After TechCrunch decided to stop using Facebook to manage its comments, Dan Gillmor wrote a perceptive piece, "TechCrunch's teachable moment: media sites must own the conversation" for the Guardian.
in his post, Gillmor makes a couple of useful points. Bolstering his claim that "creating and nurturing community is hard", he observes:
No internal or third-party service can fix the fundamental issue: to what extent a site owner values real community, where audiences aren't just "eyeballs to be harvested and monetized", to use the parlance that's become common in internet commerce circles. Comments are the antithesis of community in most cases … unless one's idea of community is, say, Lord of the Flies.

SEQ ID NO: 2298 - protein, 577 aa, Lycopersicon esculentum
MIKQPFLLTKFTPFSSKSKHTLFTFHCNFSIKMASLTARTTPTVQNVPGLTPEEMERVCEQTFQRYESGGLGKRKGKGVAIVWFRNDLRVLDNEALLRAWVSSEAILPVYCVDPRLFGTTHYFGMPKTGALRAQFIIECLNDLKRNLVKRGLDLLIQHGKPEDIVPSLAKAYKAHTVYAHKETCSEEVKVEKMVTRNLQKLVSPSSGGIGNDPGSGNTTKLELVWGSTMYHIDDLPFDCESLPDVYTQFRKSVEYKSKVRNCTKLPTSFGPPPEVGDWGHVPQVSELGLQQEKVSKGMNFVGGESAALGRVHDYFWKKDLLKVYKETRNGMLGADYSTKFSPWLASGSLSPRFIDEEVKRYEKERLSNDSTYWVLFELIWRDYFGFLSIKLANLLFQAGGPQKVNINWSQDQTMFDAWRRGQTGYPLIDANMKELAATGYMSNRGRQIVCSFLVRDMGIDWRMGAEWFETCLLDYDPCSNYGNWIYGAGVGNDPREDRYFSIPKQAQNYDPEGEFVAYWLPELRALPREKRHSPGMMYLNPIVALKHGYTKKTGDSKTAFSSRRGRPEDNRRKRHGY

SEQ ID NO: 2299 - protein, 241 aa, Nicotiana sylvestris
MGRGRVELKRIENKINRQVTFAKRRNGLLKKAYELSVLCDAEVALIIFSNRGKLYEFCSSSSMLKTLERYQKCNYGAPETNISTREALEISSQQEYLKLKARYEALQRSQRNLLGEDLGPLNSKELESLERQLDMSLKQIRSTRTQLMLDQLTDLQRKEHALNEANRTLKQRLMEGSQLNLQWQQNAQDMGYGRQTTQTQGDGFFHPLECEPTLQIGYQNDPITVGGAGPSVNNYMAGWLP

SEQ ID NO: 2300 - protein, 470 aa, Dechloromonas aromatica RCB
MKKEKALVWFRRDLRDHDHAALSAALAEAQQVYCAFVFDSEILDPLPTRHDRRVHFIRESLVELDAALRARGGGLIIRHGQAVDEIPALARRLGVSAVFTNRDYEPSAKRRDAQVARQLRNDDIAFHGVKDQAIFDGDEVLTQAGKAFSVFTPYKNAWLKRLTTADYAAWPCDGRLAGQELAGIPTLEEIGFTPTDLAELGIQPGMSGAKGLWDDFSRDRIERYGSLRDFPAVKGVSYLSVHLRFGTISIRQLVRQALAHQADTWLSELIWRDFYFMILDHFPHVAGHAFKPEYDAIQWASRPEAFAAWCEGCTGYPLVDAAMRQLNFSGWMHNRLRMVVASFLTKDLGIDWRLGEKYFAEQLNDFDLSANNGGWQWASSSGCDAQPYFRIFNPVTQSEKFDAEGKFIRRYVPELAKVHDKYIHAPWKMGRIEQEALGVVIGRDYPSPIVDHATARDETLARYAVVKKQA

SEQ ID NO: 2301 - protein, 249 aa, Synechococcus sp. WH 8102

After naming some of the good alternatives to Facebook (Livefyre and Disqus among them), Gillmor warns "I wouldn't be surprised to see these services acquired by the giants that want to own this space (namely, Facebook and Google)."
His message is clear: don't get too comfortable. There are plenty of businesses who hope to make a living in the space between you and your community.